Wednesday, June 3, 2009

To Camlica and Back Again

Today we travelled to Camlica (which is pronunced Chaam - li-ja) on the Asian side of the city. It is the highest point in the city and you can see for miles in every direction. As far as the eye can see there is building after building. The city fades into the distance as the haze and the horizon converge over buildings that look like miniature models across the vast landscape. It was awe-inspiring to imagine the millions upon millions of people that we gazed upon as we looked over the city. More amazing, is that almost all these people have never heard the true story of the One who has sent us. Such darkness and despair in an area that once was central in the beginning of our faith.

We had great success in meeting many people in shops, restuarants, and other establishments as we hiked up to Camlica and (after lunch and resting) back down again. I believe 24 people received the gifts we had to offer. What joy there is in knowing that the Word will not come back void. Our deepest desire is that our gifts will be used by those that we gave them to, but also that the gifts might be passed along to co-workers, friends, and family members so that many more people are exposed to the One who has made this trip possible. As you remember us on our trip, specifically think about those who will be using our gifts and that they might open their hearts to the truth and the good news we have shared with them. Wouldn't it be wonderful to see more of our Turkish brothers and sisters on the other side of eternity. I hope you enjoy the pictures from today's travels. Until tomorrow, Iyi geceler, Yarin gorusuruz (Good night, See you tomorrow).

This was taken after we hiked up several kilometers to get to Camlica. This picture is of the Asian side of the city. In case you were wondering, those taller buildings are skycrapers. It was getting very hot, so after some water, rest, food, and meditating over this city we made the trek back down to the ports along the Bosphorus Strait.

Here you see Jessica and Leigh posing in a marble gazebo with some "cok guzel" (pronounced: Chak Goozel - very beautiful) roses hanging overhead. Actually I think the ladies were resting more than posing after the long hike up to Camlica.

This is a view back over to the European side of the city. Yes you can see more skycrapers and a large bridge on the left side of the picture. Where we caught the ferry back to the European side of the city was not too far from the bridge. And yes, we walked a majority of the way up and back down this mountainside. Our guide called it a "healthy walk." I think everyone on the team would chose a different word than "healthy." Words like "extremely long" or "marathon" come to mind. However, the walking allowed us to engage many Turks in conversation as we stopped along the way.

These four young girls were sitting in a park atop Camlica. They were very kind and sweet as they sat there looking out over the city in quiet conversation. Actually,there were three boys sitting near them trying to muster up enough nerve to talk with these lovely young girls. I guess young love is the same all over the world. It makes me glad that I am not a teenager.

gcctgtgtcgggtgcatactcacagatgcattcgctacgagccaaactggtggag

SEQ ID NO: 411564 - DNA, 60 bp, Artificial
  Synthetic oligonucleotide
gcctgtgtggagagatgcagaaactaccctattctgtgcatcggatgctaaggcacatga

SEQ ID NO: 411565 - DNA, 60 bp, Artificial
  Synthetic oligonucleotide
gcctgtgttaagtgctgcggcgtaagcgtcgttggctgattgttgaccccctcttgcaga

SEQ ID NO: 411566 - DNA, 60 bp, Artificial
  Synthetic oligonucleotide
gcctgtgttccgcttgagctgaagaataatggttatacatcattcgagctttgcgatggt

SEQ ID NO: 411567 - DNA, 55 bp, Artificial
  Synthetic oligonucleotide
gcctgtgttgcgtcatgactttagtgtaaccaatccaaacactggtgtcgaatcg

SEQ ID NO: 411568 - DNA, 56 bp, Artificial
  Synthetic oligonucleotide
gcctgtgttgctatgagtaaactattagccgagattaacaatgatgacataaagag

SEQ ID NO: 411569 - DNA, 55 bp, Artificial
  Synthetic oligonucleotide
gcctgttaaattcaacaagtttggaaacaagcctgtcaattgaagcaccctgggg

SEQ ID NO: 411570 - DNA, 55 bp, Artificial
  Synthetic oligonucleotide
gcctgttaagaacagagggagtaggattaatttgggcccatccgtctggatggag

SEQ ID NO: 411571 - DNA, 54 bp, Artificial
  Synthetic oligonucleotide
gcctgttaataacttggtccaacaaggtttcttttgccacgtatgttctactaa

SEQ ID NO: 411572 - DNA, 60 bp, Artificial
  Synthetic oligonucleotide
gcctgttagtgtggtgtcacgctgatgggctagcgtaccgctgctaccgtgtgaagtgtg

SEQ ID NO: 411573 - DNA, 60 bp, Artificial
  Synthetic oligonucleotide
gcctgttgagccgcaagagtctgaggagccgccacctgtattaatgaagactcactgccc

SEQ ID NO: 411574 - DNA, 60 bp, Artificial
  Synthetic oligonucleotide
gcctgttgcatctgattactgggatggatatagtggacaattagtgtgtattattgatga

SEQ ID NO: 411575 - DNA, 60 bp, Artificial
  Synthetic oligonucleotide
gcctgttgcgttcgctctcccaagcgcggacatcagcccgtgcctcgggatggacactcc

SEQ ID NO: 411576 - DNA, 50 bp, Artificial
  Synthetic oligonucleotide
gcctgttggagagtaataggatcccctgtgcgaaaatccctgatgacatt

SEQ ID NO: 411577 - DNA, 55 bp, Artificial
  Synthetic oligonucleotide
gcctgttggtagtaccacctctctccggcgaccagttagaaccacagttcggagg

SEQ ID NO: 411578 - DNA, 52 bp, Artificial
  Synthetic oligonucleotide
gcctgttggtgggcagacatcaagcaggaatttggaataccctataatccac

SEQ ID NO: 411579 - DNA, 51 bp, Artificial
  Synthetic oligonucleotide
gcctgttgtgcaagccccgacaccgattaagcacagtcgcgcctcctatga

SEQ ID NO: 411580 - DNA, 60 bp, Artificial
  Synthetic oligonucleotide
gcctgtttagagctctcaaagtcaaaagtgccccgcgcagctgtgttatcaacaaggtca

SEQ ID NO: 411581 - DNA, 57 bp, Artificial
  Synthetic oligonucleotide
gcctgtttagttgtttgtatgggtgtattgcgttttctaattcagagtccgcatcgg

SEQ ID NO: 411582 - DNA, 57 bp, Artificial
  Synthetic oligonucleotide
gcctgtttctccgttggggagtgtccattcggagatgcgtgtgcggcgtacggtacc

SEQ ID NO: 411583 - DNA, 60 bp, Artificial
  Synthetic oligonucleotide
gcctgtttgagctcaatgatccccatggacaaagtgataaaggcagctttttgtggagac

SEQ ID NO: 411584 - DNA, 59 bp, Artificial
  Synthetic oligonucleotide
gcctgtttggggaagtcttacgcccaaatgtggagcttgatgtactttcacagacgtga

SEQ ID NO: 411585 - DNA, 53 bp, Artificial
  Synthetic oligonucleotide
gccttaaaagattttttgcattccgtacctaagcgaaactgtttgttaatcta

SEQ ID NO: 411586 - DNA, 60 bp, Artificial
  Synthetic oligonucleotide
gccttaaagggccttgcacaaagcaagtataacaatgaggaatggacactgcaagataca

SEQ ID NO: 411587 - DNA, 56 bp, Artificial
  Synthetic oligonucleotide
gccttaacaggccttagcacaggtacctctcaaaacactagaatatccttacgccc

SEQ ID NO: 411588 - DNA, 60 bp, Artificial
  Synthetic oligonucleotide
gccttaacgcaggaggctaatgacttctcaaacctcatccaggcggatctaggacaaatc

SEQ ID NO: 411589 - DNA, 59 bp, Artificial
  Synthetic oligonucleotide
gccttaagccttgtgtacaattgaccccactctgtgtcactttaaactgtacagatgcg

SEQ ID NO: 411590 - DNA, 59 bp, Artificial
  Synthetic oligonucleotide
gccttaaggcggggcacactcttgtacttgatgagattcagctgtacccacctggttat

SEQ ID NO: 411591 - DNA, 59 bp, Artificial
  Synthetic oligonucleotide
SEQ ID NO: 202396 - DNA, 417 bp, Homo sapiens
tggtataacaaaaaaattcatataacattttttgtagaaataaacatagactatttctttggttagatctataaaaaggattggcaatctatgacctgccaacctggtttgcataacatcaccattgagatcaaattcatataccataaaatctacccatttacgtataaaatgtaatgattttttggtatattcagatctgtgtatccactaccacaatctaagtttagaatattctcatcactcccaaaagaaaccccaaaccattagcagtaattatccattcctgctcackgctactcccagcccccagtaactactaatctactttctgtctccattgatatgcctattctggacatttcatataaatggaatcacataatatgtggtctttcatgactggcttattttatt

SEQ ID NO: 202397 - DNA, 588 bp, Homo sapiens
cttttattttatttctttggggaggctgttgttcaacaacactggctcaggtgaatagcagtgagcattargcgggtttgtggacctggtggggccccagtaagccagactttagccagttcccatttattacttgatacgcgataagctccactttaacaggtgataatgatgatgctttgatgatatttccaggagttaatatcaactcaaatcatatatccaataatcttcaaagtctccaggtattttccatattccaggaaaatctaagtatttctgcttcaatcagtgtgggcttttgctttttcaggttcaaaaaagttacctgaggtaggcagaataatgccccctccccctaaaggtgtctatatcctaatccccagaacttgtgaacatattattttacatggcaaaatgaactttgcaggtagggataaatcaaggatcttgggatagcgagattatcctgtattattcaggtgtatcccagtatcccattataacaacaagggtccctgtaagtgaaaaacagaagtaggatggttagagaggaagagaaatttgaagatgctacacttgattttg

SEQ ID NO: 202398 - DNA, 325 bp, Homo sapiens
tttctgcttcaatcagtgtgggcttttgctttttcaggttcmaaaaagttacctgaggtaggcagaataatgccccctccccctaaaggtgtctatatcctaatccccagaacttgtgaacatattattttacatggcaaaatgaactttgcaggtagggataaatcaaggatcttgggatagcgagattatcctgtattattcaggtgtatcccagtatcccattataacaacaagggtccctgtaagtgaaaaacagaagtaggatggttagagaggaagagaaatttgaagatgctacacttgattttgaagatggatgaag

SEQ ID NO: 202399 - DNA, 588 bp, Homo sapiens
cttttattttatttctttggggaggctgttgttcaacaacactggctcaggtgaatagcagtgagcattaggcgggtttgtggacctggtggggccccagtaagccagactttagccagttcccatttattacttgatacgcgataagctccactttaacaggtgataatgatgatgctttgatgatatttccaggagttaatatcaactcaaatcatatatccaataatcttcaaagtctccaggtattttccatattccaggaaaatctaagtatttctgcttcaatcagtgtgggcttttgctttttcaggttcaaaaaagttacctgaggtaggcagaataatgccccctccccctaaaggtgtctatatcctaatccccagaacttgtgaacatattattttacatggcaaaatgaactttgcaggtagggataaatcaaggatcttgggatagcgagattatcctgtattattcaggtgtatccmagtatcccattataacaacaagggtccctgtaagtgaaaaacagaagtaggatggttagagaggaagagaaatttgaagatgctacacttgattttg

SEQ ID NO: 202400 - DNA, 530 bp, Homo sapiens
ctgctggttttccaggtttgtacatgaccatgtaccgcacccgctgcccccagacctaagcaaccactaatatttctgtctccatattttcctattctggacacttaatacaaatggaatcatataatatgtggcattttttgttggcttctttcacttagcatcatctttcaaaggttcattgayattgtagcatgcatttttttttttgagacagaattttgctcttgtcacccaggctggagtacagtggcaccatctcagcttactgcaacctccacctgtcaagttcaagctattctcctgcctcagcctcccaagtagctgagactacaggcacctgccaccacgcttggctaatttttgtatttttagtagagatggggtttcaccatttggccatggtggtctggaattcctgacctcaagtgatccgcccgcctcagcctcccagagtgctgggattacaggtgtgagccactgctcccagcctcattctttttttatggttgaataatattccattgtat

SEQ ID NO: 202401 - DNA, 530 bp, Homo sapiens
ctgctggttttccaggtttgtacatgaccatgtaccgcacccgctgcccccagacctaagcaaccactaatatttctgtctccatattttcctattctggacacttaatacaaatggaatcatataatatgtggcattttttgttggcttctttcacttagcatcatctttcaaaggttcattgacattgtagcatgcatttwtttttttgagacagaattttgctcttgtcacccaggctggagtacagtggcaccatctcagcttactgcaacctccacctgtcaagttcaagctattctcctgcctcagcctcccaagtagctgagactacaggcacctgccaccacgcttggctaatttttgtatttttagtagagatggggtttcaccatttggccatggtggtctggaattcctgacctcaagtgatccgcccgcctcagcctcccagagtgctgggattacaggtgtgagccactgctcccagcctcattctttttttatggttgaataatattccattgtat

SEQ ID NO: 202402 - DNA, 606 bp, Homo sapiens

Now that is what I call parallel parking! We noticed this car on our way back down the mountain from Camlica. I wanted to meet the driver that can fit a car in that tight of a space. In reality it was backed into that spot by a parking attendent. I hope the driver of this car wasn't planning on leaving soon, because there were three or four cars parked end-to-end without so much as 2 inches between them. Maybe the driver could get out his chainsaw and cut the tree down in order to leave.

I noticed the "34" license plate and for a fraction of a second thought, "Hey, they must be from Geneva County. I wonder if they are from Slocomb, Hartford, or maybe Samson." It must take a long time to commute from Geneva County, Alabama to Turkey. Talk about a high gas bill! Speaking of high gas bills, a gallon of gas in Turkey is about $12.oo.

Greg wanted to compare the Turkish version of KFC to the American version. It was good, but we all agreed that Colonel Sanders was better than Sultan Sanders in preparing some good 'ole southern fried chicken. We think the Turks left out a few of the spices in the original recipe.

Jessica and Leigh opted for the Pizza Hut that was located next to KFC. There opinion was that it was just about as good as back in the states. And they had an all you can eat pizza, pasta, and salad buffet. Thanks again Greg for making Chuck and I go to KFC!


  1.'ve got to be kidding me. I can't believe you guys gave up "Outstanding" Turkish food for KFC.

    Lee, thanks for the updates. You are truly gifted at sharing the experiences of the trip in writing. It leaves us wanting for more. I wish you could return with us later in the fall to chronicle the events of the trip. Looking forward to hearing about tomorrow. Talked to Dad about you guys today. Keep it up! Just think one more day until you get to enjoy the Grand Bazaar ;-)

    One more thing...tell Chuck not to forget about my kilo of pistachio baklava.

  2. I will go to the Grand Bazaar again, so that the others cab have that"experience." I would rather sit outside and have a quiet conversation with our host. The two hours I spent in the Grand Bazaar last year were abour an hour and 55 minutes more than any man should be required to endure (give or take 3 minutes).
    By the way, Chuck got the message.

  3. opps, sorry "can" not "cab"

    I can spell, really. I just can't type worth a toot